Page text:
Thursday, August 13, 2009

Are NBA Scorekeepers Fudging the Books?

[Via Deadspin]

Deadspin has a very interesting article up. Essentially, it says that NBA referees make, on average, 20 mistakes a game, which means that they award 20 points of statistical categories incorrectly(for example, they could mistakenly award 10 assists, 5 rebounds, and 5 blocks to the wrong players). The article also says that scorekeepers intentionally award 40 further points per game incorrectly. They do so when they dislike certain players, or want to help their team:

Anyway...on top of that ~20 errors per game, you have over double that in intentional errors. By intentional errors, I mean events that never happened (eg. loose ball rebound is deflected out of bounds by visiting team, instead of correct call - team rebound home team - you award the rebound to a home player in the viscinity...or fake blocks - among the easiest things to make up, next to steals and assists)...or events that are awarded to the wrong player (rebounds, steals, turnovers are the most common). The intentional errors are organizationally sanctioned/encouraged - they increase national media coverage/interest and increase your franchise's and player's visibility. There is also league pressure to protect/enhance the stats of the elite players. For example, I would guess that Stockton got between 1 and 2 assists per game for free. Partly because I disagreed with the blatant stat manipulation (that I did) and partly because I'm a Laker fan, I gave Nick Van Exel like 23 assists one game. If he was vaguely close to a guy making a shot, I found a way to give him an assist. Afterwards, I fully expected someone to talk to me about it. Indeed they did. A senior management guy - "great job Alex, that'll get this game on Sportscenter tomorrow morning!" We (VAN) lost badly, of course.

This is very interesting, and will doubtless generate many conspiracy theories. However, there are some caveats to this.

For one, there are only a certain amount of statistics that can be awarded per game. Only a certain amount of points can be scored, and it is almost always clear which player scored. Therefore, points are not being inflated. Rebounds also have a hard limit on them. All the scorekeepers can do is award the rebounds to the wrong player, or credit a rebound that a player pulled down as a team rebound. However, the total number of rebounds in the game will always be the same. Therefore, there isn't much potential for inflation or deflation here.

The category that can be fudged the most is assists. The article references Nick Van Exel's 23 assist game, but there are plenty more examples. Basically, assists can be credited very freely, as they are somewhat subjective. But, the player that receives the assist has to be somewhere near the play, and most players that are credited with large numbers of assists(Chris Paul, Steve Nash, etc) are players who are critical to their teams, and are generally around plays. Steals and turnovers fall into this category as well.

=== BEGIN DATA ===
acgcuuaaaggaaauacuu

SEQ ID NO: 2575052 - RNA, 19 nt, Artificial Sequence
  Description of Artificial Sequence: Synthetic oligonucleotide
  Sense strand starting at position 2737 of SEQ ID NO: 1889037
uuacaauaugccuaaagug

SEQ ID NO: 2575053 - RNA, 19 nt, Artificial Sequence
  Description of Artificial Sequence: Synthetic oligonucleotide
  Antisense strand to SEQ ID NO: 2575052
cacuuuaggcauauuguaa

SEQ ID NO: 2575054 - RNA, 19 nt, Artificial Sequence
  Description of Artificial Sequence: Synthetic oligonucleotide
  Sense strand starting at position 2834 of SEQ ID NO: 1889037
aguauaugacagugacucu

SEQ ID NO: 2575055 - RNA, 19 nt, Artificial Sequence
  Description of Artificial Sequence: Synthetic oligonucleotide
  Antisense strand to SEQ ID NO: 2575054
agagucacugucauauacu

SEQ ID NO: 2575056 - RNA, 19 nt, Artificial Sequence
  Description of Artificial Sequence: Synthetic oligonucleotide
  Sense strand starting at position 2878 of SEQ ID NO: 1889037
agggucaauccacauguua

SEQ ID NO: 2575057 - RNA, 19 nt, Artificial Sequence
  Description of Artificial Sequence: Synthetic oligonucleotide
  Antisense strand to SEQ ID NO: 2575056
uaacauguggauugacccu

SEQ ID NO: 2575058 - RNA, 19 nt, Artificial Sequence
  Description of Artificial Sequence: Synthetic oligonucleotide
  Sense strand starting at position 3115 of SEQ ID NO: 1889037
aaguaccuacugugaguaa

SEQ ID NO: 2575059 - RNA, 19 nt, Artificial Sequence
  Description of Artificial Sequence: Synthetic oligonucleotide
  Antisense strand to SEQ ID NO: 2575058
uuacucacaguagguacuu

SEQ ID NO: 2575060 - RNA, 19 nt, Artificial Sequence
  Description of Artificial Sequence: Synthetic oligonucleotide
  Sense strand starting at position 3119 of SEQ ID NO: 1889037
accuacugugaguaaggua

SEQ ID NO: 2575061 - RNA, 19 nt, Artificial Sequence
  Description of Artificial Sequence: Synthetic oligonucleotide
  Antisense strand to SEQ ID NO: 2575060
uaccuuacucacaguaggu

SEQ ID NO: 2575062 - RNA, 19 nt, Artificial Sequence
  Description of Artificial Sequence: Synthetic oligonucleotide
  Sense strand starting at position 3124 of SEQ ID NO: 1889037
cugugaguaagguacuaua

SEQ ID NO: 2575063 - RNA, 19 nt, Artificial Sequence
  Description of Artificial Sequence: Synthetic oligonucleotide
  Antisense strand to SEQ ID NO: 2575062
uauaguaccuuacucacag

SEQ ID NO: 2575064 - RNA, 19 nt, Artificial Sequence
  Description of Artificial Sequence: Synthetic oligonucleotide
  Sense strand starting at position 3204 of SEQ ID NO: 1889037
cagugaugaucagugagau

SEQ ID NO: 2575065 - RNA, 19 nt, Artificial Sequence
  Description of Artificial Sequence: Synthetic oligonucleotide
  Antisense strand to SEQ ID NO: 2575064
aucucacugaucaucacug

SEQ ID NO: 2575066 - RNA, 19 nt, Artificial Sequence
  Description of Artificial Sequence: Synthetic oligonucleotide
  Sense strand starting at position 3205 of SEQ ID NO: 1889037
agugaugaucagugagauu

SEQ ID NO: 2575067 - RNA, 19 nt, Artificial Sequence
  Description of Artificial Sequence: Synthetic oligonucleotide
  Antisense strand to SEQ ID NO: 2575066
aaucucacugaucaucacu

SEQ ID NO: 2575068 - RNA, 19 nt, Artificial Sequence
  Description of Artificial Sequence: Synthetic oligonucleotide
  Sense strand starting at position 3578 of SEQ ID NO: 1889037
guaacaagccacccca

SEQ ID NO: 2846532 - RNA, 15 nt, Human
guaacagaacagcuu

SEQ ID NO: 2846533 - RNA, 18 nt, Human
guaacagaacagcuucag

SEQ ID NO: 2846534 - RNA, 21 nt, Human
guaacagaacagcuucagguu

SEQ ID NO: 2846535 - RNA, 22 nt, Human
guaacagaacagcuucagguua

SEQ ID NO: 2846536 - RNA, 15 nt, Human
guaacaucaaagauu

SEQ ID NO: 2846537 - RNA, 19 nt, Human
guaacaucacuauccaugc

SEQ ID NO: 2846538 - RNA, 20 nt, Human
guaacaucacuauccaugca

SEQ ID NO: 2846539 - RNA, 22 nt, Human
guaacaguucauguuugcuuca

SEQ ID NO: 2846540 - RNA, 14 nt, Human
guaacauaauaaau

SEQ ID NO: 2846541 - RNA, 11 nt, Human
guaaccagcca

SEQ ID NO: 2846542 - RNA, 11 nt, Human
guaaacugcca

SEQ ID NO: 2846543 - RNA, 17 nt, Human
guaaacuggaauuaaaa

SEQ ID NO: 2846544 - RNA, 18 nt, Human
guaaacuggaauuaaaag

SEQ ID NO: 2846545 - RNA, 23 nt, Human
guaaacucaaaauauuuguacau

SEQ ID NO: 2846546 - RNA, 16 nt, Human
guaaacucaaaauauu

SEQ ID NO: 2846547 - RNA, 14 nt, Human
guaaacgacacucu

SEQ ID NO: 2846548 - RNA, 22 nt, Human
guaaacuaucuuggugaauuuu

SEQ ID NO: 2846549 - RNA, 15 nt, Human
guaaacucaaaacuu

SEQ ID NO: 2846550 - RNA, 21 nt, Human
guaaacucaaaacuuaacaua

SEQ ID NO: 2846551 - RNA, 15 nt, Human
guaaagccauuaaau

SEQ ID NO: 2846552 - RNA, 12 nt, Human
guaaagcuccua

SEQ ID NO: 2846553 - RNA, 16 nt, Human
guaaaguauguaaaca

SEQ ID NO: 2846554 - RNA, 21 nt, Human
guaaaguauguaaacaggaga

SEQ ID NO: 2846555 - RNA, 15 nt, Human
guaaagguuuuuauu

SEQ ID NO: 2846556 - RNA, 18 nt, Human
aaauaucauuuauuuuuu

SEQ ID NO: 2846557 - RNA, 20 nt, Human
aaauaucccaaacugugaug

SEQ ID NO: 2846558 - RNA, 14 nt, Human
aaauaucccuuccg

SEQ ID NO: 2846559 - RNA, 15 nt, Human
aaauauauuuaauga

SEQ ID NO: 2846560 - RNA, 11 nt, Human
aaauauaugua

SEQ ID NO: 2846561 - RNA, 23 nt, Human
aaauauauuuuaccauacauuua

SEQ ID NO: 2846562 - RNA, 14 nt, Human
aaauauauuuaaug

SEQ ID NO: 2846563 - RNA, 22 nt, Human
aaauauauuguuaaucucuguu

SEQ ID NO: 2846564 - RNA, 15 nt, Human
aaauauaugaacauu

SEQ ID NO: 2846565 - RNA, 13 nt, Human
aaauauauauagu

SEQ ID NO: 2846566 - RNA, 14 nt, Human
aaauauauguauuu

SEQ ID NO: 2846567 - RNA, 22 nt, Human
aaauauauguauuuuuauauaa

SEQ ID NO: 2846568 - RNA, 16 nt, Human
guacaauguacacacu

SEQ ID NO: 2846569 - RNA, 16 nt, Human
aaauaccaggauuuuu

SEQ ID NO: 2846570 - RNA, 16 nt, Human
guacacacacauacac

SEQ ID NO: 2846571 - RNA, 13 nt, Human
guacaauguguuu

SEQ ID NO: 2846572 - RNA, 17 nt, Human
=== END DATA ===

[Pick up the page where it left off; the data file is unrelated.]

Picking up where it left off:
Blocks can also be fudged fairly easily, but they are difficult because of how rare they are, comparatively. Mark Eaton is the only player to average more than 5 blocks per game in a season, and nobody else is even close. Blocks can be fudged(Dwight Howard's 9 in the finals might be suspect), but blocks are usually the last category in a stat line, and are rarely very high. So, while a player can look slightly better if the blocks number is fudged, it won't make them look that much better.

Field goal percentage would be very hard to fudge, as shots made and shot attempts are fairly clear cut. Shot attempts can doubtless be altered to a slight extent, but not in any meaningful way.

So, while this is very interesting, and closer scrutiny should be paid to scorekeepers, especially in the wake of Tim Donaghy, I don't think that it is as huge as a story as it initially appears to be. Overall, the numbers would trend towards superstars, as the home scorekeepers would seek to make them look better. However, if players are having statistics inflated at home, and deflated on the road, it would tend to average out. I think that the players that would be hurt the most would be role players, who would see some portion of their statistics credited to superstars in order to market to ESPN.

The article makes mention of John Stockton getting 1-2 extra assists per game. While this is significant, it does not affect his Hall of Fame career. Essentially, it seems like this manipulation makes players who are already good look slightly better, and players who are not considered good look slightly worse.

While the league should begin to have unbiased third parties review game tapes, and fine their scorekeepers for excessive errors, this issue is not as major as it first appears.

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